The venerable Maya had stone temples and palaces within the rainforest of Central The united states, along with dynastic records of royal leaders carved in stone, nonetheless they lacked a classic commodity crucial to each day lifestyles: salt. The sources of salt are mainly along the wing, including salt flats on the Yucatan wing and brine-boiling along the wing of Belize, the assign it rains loads. Nonetheless how did the inland Maya encourage a provide of salt?
LSU Maya archaeologist Heather McKillop and her crew have excavated salt kitchens the assign brine became boiled in clay pots over fires in pole and thatch structures preserved in oxygen-free sediment under the ocean floor in Belize. Nonetheless the assign these salt workers lived has been elusive, leaving that you just can also imagine interpretations of each day or seasonal workers from the wing or even inland. This hole left nagging questions in regards to the organization of production and distribution.
Original findings on the organization of the salt industry to create this classic dietary commodity to inland cities for the length of the Traditional Maya civilization are reported in a modern article by McKillop and LSU alumna Cory Sills, who is an accomplice professor at University Texas-Tyler. The article “Briquetage and brine: Living and Working at the Ek Manner Nal Salt Works, Belize” became printed within the journal Venerable Mesoamerica.
McKillop and Sills started this unusual project hunting for residences the assign the salt workers lived and to love the energetics of production of salt with funding from the Nationwide Science Foundation. Even supposing field work at Ek Manner Nal, the assign the Paynes Creek Saltworks is located, has been postponed since March 2020 due to the pandemic, the researchers grew to became to materials previously exported for explore within the LSU Archaeology lab, including hundreds of wood samples from pole and thatch structures, to boot to pottery sherds.
“The Archaeology lab looks fancy a Tupperware party, with hundreds of plastic containers of water, nonetheless they’re retaining the wood samples wet so they originate no longer dry out and deteriorate,” talked about McKillop, who is the Thomas & Lillian Landrum Alumni Professor within the LSU Division of Geography and Anthropology.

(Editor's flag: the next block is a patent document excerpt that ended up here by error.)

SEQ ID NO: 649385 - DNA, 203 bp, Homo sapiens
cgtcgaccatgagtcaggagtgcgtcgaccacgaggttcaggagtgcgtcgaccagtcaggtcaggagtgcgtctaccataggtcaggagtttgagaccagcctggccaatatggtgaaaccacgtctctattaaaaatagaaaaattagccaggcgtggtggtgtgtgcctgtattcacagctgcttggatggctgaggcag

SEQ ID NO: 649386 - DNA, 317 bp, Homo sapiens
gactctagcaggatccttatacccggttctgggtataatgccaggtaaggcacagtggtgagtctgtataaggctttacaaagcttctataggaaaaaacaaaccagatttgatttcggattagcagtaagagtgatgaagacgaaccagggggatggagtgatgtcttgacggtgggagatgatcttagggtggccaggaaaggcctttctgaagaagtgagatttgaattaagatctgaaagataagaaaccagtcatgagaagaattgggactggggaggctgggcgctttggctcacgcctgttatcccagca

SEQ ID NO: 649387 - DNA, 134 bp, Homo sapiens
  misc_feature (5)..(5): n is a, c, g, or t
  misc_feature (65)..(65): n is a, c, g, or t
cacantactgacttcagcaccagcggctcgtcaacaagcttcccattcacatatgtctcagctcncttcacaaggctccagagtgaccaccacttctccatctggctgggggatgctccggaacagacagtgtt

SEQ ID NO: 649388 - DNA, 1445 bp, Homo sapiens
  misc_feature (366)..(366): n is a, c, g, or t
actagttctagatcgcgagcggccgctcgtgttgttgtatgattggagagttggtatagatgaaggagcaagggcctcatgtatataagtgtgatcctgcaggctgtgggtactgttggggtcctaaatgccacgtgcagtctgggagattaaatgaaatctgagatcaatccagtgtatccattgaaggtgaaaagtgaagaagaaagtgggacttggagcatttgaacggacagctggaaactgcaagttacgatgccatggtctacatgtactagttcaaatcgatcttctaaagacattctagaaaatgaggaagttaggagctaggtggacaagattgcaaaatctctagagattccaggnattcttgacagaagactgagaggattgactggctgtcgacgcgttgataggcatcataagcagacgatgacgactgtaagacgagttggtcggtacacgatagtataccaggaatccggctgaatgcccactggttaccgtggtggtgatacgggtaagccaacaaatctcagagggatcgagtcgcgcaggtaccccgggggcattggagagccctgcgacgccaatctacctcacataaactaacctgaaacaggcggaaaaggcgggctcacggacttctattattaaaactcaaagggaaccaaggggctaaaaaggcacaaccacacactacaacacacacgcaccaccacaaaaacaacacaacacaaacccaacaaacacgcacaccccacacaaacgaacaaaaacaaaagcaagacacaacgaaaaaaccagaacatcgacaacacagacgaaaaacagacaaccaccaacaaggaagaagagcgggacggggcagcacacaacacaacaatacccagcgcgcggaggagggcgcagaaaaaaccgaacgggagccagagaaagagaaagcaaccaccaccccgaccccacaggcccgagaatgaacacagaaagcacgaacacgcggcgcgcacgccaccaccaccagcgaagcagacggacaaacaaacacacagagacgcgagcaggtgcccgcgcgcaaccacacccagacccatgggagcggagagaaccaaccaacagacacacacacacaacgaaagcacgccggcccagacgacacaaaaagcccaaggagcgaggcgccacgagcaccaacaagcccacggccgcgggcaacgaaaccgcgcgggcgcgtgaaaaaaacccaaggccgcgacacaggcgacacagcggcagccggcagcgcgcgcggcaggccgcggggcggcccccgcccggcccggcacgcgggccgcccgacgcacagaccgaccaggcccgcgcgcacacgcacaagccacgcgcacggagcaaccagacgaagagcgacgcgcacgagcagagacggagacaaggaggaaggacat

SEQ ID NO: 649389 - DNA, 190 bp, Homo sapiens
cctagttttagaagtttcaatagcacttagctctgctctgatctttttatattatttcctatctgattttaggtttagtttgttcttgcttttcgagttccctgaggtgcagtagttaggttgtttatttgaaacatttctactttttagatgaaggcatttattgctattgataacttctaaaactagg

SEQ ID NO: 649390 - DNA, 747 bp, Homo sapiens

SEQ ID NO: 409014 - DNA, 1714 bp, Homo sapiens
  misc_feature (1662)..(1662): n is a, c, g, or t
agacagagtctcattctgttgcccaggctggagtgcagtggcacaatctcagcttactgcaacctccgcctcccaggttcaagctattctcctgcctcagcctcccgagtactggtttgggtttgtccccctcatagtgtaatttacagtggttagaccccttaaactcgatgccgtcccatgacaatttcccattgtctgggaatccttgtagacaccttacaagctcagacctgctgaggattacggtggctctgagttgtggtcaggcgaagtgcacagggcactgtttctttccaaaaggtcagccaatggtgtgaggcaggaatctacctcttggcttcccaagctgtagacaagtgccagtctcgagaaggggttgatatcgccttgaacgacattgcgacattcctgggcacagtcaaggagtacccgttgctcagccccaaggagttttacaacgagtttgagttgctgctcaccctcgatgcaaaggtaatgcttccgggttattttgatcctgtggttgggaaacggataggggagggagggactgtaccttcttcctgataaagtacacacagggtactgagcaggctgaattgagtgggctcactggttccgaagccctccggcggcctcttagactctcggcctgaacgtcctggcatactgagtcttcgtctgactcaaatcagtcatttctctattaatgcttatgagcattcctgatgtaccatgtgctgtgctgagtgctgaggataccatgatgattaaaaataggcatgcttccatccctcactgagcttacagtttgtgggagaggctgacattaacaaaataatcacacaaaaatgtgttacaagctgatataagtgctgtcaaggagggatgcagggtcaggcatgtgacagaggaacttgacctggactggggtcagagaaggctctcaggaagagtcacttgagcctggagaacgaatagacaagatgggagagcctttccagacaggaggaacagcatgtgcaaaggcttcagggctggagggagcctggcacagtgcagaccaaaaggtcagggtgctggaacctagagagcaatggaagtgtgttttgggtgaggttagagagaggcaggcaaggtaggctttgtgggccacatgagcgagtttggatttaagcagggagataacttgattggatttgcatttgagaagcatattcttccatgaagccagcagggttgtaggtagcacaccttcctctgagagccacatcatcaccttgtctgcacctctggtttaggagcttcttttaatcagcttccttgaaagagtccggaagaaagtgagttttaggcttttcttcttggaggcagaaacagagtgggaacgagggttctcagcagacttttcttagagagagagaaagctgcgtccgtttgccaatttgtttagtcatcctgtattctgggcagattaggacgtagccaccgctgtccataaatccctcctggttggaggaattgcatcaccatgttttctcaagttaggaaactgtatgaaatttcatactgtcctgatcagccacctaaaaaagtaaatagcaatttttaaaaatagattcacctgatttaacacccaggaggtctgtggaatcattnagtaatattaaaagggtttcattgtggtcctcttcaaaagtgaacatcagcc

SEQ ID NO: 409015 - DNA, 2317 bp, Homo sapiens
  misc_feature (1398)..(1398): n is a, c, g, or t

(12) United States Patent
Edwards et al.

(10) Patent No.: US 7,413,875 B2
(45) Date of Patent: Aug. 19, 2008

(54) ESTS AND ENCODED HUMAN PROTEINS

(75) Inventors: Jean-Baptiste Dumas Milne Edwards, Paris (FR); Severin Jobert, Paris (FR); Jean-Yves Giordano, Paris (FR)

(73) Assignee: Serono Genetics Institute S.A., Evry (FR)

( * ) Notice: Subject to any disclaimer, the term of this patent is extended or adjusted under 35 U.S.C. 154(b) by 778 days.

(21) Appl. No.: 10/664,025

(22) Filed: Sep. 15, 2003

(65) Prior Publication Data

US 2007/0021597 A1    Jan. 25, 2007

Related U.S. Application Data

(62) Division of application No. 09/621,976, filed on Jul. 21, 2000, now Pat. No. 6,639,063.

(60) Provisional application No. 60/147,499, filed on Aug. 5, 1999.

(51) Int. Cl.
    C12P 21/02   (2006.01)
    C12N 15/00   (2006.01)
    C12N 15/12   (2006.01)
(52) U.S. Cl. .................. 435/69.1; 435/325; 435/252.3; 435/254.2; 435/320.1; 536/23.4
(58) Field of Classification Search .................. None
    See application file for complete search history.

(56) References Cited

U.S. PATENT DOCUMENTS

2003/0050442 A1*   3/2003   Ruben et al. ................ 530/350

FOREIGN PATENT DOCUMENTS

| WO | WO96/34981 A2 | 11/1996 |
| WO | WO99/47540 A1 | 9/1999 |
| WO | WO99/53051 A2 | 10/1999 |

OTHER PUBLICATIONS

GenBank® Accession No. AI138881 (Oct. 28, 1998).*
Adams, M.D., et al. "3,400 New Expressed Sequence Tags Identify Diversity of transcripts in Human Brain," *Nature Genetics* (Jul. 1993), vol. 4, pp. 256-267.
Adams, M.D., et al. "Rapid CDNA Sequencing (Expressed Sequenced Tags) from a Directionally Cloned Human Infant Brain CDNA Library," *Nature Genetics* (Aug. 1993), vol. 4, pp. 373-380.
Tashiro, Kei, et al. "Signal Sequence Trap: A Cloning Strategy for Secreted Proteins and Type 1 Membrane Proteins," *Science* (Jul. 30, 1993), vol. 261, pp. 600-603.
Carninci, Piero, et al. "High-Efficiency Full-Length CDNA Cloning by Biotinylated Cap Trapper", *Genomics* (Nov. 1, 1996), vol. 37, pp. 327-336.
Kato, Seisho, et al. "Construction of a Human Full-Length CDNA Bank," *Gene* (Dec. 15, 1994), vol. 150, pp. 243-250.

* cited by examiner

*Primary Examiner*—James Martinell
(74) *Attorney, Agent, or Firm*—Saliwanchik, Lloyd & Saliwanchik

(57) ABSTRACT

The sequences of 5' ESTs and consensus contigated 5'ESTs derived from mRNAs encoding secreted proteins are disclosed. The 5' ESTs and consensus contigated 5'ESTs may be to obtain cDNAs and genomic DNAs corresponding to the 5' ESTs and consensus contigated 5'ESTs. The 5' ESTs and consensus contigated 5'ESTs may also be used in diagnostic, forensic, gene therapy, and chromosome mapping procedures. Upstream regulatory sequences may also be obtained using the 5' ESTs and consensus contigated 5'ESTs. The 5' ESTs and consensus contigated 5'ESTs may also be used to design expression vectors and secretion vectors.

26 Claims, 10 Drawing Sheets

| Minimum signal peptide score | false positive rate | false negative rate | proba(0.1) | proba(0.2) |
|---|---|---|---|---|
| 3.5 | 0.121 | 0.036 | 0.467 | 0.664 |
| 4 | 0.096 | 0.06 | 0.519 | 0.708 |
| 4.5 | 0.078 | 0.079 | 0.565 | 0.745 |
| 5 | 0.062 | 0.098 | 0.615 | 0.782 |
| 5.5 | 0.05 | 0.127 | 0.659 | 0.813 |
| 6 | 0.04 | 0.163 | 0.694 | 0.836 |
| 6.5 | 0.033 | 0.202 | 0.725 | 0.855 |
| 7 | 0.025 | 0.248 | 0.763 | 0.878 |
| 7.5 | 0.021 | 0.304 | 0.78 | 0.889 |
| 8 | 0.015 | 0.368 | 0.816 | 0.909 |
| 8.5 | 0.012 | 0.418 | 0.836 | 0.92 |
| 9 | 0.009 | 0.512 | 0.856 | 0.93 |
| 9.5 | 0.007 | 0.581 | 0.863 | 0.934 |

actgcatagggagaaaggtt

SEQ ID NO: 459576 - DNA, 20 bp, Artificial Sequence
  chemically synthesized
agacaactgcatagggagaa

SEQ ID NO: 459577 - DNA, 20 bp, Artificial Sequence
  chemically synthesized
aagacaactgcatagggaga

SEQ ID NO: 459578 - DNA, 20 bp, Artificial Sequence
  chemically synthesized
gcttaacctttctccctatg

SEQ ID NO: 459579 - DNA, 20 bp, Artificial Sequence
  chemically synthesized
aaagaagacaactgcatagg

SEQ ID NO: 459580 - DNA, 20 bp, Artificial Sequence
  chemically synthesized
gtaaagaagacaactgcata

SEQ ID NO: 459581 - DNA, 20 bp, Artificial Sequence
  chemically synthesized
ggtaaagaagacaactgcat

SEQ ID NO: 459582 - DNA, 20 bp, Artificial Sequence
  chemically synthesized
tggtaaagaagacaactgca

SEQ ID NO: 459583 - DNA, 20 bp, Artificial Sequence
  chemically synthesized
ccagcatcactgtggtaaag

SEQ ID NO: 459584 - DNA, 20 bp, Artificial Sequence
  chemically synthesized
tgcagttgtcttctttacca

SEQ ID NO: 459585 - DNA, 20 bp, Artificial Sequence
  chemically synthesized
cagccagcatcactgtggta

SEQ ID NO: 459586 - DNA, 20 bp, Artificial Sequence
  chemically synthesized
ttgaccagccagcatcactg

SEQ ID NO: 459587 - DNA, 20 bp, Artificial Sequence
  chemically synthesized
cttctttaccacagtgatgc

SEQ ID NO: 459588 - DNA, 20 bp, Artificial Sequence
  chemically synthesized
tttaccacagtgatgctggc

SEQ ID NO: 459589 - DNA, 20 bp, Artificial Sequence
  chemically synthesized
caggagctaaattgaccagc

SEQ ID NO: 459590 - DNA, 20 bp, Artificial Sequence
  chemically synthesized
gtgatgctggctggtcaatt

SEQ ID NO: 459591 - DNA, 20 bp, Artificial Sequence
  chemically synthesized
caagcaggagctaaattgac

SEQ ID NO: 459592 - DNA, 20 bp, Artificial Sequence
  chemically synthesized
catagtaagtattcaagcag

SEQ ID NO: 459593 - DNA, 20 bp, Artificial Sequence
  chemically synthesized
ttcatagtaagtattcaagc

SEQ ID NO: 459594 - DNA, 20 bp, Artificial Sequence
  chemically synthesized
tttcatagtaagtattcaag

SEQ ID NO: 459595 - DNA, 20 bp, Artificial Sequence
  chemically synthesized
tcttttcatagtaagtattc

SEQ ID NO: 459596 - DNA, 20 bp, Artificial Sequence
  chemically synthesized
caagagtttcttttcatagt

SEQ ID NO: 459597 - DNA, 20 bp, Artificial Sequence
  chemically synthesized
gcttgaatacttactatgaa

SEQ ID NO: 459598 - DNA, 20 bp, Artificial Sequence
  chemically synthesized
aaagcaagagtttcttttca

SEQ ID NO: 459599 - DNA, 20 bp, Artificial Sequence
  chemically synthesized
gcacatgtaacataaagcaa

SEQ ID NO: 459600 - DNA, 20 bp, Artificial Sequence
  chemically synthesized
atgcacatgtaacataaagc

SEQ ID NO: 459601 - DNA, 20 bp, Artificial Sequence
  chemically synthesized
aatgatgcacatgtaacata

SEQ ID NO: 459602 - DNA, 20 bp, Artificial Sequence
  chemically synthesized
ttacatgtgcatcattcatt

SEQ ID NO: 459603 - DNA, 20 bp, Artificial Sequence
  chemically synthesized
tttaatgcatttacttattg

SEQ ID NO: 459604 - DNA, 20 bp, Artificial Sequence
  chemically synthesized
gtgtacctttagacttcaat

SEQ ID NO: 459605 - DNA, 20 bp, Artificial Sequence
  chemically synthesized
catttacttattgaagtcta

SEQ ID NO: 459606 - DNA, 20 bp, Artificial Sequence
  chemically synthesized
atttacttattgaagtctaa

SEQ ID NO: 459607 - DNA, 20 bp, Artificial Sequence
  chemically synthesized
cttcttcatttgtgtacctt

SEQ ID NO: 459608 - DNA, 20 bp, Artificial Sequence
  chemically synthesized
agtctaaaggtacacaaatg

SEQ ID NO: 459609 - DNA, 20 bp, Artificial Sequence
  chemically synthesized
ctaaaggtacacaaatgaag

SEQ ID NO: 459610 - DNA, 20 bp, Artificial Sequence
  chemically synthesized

She outlined the approach to continue study within the lab: “I decided to post a wood put up sample for radiocarbon dating from every building at Ek Manner Nal to appear within the event that all of them dated to the an identical time, which became urged by the visibility of artifacts and structures on the ocean floor.”
When the dates started coming in, two at a time, McKillop identified a building building sequence that started within the Late Traditional at the height of Maya civilization and persisted thru the Terminal Traditional when the dynastic leaders of inland metropolis states had been losing preserve a watch on and within the shatter the cities had been deserted by A.D. 900.
In response to McKillop, “Utilizing the neatly-studied assign, Sacapulas, Guatemala, as a model, labored neatly to fabricate archaeological expectations for numerous actions for brine boiling in a salt kitchen, a field and numerous actions, including salting fish.”
Within the Venerable Mesoamerica article, they picture a 3-piece building building sequence with salt kitchens, as a minimum one field and an out of doors field the assign fish had been salted and dried. The archeologists’ approach of radiocarbon dating every building had produced a finer grain chronology for Ek Manner Nal that they’re utilizing for more sites.
The unusual prognosis verifies McKillop’s estimate that 10 salt kitchens had been in production at a time at the Paynes Creek Salt Works, which she reported in her e book “Maya Salt Works” (2019, University Press of Florida).
“The study underscores the significance of radiocarbon dating every pole and thatch building at the salt works in relate in self belief to select out into consideration production ability of this dietary necessity. The study also reveals the cost of personally mapping artifacts and posts on the ocean floor at the underwater sites in relate in self belief to elaborate building use. Utilizing Sacapulas salt works as a model from which to fabricate archaeological correlates fits with Ek Manner Nal and suggests the Maya residing completely at the community had been engaged in surplus family production of salt that became neatly built-in within the regional financial system, allowing them to plot a amount of nonlocal goods,” she talked about.